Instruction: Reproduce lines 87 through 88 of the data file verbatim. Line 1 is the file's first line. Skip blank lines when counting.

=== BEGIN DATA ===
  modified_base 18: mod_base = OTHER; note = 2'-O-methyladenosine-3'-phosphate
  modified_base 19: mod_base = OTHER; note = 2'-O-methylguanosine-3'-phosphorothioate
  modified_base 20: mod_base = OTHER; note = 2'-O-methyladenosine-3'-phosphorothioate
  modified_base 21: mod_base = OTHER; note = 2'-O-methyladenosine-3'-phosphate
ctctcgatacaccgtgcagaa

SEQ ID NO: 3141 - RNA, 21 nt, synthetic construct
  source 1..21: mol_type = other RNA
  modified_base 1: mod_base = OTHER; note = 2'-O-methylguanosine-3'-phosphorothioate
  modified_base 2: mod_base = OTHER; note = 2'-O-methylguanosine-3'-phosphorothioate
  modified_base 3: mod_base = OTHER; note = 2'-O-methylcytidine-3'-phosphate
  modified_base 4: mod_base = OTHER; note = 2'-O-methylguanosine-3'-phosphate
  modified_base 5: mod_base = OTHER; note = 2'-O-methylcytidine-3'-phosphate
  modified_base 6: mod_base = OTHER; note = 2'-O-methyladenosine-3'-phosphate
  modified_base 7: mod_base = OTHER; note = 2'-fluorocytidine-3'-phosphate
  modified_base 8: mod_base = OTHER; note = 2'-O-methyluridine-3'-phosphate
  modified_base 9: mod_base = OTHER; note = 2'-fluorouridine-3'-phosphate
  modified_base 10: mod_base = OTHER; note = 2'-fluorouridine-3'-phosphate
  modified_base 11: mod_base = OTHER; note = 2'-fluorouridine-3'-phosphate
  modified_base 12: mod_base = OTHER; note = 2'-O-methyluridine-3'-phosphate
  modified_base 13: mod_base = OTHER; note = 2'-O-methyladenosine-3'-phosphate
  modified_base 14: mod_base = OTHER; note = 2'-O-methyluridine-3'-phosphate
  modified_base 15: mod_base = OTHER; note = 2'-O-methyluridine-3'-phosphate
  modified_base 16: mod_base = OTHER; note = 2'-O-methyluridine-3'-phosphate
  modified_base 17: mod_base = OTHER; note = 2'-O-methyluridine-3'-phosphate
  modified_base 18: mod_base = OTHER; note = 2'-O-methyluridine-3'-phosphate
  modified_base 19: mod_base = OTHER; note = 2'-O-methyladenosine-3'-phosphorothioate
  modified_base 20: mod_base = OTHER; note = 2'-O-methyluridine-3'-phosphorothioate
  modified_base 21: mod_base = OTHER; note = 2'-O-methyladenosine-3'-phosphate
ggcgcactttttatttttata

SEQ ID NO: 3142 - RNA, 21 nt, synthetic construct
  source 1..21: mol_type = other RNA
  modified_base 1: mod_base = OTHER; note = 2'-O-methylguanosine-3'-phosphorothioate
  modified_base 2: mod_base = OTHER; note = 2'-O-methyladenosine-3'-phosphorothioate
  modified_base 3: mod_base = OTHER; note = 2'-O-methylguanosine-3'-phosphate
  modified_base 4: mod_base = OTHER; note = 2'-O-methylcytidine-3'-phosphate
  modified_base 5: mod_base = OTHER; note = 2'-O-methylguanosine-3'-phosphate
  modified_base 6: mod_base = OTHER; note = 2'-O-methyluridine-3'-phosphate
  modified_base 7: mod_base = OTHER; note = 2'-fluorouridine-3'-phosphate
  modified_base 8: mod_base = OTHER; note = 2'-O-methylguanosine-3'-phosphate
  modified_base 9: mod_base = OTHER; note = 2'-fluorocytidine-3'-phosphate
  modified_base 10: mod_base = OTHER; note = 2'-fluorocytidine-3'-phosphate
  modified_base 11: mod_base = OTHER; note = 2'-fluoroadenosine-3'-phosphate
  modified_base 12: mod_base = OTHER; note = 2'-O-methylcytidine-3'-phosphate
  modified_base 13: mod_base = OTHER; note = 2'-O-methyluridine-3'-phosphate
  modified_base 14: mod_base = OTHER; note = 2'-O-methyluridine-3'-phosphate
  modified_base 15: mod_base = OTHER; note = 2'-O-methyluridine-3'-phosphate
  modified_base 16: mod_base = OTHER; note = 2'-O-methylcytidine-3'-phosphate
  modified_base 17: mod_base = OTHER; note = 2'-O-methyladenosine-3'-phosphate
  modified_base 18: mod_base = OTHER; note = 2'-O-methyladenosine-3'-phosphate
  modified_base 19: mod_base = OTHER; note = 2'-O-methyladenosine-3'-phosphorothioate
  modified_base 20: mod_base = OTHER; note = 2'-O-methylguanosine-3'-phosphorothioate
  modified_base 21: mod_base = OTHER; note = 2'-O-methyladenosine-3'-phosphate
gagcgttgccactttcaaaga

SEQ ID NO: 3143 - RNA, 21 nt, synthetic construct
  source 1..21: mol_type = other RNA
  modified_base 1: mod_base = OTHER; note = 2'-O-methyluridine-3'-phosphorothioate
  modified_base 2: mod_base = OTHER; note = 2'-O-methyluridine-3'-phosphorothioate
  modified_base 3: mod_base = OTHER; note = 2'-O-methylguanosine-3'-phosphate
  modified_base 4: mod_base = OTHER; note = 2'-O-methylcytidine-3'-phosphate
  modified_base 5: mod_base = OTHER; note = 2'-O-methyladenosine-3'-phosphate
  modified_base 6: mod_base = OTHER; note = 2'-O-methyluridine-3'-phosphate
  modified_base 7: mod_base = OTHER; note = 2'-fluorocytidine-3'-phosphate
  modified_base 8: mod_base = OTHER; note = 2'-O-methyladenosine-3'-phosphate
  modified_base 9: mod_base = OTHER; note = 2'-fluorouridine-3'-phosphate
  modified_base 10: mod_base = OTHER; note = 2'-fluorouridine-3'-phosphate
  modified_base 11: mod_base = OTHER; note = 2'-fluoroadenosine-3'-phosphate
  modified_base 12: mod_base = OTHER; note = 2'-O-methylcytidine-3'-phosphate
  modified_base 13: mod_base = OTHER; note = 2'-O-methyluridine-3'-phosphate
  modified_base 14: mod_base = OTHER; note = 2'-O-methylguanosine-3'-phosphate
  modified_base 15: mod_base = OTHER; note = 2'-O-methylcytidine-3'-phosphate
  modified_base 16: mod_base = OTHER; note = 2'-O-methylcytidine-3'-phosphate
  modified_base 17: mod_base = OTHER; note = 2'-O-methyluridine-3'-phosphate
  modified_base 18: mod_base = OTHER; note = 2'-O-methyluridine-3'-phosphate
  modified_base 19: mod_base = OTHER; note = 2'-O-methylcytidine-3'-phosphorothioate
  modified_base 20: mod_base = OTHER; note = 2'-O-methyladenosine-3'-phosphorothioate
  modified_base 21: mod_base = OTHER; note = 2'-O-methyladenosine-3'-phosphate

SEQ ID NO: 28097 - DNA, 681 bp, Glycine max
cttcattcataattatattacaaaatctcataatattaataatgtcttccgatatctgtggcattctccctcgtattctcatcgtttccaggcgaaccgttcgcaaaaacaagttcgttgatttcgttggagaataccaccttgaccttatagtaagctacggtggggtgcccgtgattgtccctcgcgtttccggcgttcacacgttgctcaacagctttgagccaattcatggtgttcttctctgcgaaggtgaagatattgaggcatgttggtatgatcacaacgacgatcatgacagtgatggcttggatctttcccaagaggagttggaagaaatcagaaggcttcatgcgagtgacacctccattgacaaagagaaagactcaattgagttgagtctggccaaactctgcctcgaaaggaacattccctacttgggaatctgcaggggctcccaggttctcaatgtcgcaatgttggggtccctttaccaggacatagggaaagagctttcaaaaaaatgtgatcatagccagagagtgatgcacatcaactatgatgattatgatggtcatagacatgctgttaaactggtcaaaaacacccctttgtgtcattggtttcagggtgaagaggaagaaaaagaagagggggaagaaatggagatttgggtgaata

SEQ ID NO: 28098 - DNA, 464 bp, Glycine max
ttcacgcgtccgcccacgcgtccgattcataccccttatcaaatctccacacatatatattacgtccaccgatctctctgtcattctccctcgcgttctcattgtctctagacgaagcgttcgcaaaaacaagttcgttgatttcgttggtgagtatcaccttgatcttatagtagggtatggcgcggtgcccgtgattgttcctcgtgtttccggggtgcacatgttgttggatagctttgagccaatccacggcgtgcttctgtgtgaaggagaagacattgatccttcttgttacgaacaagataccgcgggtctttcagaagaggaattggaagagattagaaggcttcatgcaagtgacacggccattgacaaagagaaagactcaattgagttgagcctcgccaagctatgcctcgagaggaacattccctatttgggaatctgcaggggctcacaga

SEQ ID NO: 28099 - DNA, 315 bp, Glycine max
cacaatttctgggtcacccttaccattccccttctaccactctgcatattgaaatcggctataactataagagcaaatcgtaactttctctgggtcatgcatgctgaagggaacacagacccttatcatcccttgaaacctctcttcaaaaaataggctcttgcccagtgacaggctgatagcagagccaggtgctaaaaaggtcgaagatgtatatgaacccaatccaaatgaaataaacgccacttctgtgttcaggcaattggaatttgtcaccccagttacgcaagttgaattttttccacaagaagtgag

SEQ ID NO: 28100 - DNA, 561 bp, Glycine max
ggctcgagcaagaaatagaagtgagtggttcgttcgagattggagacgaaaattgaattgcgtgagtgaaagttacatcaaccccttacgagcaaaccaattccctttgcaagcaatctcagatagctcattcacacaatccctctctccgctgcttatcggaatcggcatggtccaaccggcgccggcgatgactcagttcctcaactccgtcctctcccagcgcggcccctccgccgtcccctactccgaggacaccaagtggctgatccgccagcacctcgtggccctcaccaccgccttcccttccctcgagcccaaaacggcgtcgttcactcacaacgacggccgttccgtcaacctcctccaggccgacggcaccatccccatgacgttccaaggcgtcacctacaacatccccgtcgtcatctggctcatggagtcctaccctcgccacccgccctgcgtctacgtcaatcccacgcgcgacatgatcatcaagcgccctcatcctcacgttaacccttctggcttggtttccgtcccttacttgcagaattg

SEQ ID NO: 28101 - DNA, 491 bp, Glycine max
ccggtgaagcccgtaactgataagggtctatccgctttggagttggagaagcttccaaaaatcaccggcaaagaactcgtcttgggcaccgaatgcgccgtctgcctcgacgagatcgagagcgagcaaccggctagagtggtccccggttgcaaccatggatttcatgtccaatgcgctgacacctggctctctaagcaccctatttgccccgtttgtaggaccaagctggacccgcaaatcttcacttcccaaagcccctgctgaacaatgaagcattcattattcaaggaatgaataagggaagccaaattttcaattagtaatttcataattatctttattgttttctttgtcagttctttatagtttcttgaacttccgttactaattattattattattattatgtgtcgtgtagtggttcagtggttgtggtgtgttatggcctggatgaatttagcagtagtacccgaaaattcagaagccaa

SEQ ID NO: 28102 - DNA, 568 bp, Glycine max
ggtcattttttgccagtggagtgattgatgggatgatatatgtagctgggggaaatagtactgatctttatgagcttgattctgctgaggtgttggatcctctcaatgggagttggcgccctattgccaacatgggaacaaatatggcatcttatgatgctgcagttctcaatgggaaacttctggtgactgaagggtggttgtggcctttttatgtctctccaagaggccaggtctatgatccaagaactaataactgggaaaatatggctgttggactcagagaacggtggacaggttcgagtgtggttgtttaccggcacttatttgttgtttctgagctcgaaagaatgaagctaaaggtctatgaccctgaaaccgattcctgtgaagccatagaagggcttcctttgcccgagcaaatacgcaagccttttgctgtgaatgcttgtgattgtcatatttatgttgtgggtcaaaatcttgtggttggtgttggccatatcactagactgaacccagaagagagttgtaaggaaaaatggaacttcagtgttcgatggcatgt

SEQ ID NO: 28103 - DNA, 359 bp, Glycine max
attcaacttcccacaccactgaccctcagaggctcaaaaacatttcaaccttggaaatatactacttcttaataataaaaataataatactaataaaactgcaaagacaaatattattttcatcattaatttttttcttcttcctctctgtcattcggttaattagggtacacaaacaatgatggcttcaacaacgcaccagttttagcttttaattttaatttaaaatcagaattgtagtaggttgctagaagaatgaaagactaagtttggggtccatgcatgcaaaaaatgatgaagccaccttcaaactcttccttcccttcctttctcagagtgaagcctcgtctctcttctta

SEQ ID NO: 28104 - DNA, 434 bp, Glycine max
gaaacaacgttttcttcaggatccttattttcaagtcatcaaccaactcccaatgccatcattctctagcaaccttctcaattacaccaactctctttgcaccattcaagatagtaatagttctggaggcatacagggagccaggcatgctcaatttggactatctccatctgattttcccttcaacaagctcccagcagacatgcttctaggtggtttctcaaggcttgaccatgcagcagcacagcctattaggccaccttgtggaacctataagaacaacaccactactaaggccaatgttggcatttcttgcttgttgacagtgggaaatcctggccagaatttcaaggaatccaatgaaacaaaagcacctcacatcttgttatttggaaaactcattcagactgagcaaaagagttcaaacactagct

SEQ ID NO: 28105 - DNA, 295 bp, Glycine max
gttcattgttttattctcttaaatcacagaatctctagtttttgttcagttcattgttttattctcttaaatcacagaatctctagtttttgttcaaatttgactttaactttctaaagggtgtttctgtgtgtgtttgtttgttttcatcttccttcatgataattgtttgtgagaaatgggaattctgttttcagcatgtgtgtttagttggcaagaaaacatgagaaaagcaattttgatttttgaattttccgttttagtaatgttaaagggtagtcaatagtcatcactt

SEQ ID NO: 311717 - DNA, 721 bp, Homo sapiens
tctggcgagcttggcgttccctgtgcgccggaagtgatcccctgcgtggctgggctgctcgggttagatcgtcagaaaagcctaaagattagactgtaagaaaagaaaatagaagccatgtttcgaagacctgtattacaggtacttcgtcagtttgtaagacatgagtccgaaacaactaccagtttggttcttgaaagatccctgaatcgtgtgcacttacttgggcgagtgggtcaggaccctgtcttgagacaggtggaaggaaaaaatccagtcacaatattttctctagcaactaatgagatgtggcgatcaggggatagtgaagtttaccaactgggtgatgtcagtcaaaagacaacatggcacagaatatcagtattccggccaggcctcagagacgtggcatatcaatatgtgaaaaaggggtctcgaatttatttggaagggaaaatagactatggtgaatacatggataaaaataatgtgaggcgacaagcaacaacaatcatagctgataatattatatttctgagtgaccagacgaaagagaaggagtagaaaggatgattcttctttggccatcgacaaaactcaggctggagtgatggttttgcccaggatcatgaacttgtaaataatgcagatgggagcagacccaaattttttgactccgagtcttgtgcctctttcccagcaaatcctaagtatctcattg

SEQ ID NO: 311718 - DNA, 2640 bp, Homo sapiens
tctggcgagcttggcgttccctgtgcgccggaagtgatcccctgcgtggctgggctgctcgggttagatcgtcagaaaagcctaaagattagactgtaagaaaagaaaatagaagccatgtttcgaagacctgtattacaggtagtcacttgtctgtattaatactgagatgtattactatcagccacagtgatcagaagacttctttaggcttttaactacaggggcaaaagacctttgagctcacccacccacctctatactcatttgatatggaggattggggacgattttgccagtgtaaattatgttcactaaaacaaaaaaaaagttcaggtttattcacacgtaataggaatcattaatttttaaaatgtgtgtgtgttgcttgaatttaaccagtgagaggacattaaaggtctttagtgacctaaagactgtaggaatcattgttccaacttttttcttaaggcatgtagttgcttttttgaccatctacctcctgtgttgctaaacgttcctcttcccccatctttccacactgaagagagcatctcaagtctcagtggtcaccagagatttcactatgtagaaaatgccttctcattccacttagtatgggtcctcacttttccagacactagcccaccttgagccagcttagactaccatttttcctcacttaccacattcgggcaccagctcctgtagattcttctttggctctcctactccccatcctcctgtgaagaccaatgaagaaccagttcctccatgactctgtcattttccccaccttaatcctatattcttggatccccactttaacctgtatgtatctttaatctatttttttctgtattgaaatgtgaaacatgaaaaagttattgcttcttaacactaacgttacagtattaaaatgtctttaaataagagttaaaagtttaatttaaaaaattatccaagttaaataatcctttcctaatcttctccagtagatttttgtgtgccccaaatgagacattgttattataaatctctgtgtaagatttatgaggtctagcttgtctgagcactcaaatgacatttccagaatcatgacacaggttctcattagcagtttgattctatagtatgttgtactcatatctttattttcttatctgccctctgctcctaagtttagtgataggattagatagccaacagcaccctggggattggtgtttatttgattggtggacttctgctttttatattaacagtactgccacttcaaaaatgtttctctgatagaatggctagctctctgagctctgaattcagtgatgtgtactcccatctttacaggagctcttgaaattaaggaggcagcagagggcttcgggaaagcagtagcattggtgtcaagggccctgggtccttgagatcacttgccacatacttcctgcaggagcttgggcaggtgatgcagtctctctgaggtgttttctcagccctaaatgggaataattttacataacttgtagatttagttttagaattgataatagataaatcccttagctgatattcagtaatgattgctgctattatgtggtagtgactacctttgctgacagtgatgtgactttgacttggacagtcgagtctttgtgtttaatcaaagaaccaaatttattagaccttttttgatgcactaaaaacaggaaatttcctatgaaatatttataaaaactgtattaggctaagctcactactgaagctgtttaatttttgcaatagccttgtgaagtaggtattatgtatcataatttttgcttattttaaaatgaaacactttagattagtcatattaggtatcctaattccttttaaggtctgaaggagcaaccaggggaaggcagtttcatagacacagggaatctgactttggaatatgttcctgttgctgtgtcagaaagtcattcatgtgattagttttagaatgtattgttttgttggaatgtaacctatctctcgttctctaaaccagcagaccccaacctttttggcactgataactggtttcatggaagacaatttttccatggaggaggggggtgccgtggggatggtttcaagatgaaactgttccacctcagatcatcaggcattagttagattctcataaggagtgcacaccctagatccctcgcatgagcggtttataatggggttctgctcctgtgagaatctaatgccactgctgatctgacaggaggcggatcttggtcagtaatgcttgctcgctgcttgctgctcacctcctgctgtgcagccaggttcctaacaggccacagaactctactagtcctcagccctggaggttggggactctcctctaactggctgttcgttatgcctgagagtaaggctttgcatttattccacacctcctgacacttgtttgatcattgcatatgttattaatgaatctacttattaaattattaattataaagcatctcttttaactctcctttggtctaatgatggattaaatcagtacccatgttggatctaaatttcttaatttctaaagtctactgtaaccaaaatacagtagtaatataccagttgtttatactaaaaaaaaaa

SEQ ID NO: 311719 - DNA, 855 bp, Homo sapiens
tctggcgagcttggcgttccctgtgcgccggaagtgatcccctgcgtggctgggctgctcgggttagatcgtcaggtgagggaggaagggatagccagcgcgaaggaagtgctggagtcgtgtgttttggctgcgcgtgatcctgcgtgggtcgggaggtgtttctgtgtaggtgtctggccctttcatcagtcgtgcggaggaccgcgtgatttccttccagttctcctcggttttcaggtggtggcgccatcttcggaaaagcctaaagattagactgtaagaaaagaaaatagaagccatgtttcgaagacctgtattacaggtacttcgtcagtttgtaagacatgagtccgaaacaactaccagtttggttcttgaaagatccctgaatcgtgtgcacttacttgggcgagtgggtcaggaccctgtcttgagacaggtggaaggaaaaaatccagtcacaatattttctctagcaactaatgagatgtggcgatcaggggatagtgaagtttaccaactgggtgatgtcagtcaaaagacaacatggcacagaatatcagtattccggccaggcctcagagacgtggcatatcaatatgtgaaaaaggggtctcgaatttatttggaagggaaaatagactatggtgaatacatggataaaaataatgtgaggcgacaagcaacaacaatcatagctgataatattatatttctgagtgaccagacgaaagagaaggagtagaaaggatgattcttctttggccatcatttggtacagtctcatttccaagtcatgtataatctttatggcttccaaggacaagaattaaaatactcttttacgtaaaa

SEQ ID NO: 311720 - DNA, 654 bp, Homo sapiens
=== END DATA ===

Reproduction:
SEQ ID NO: 28102 - DNA, 568 bp, Glycine max
ggtcattttttgccagtggagtgattgatgggatgatatatgtagctgggggaaatagtactgatctttatgagcttgattctgctgaggtgttggatcctctcaatgggagttggcgccctattgccaacatgggaacaaatatggcatcttatgatgctgcagttctcaatgggaaacttctggtgactgaagggtggttgtggcctttttatgtctctccaagaggccaggtctatgatccaagaactaataactgggaaaatatggctgttggactcagagaacggtggacaggttcgagtgtggttgtttaccggcacttatttgttgtttctgagctcgaaagaatgaagctaaaggtctatgaccctgaaaccgattcctgtgaagccatagaagggcttcctttgcccgagcaaatacgcaagccttttgctgtgaatgcttgtgattgtcatatttatgttgtgggtcaaaatcttgtggttggtgttggccatatcactagactgaacccagaagagagttgtaaggaaaaatggaacttcagtgttcgatggcatgt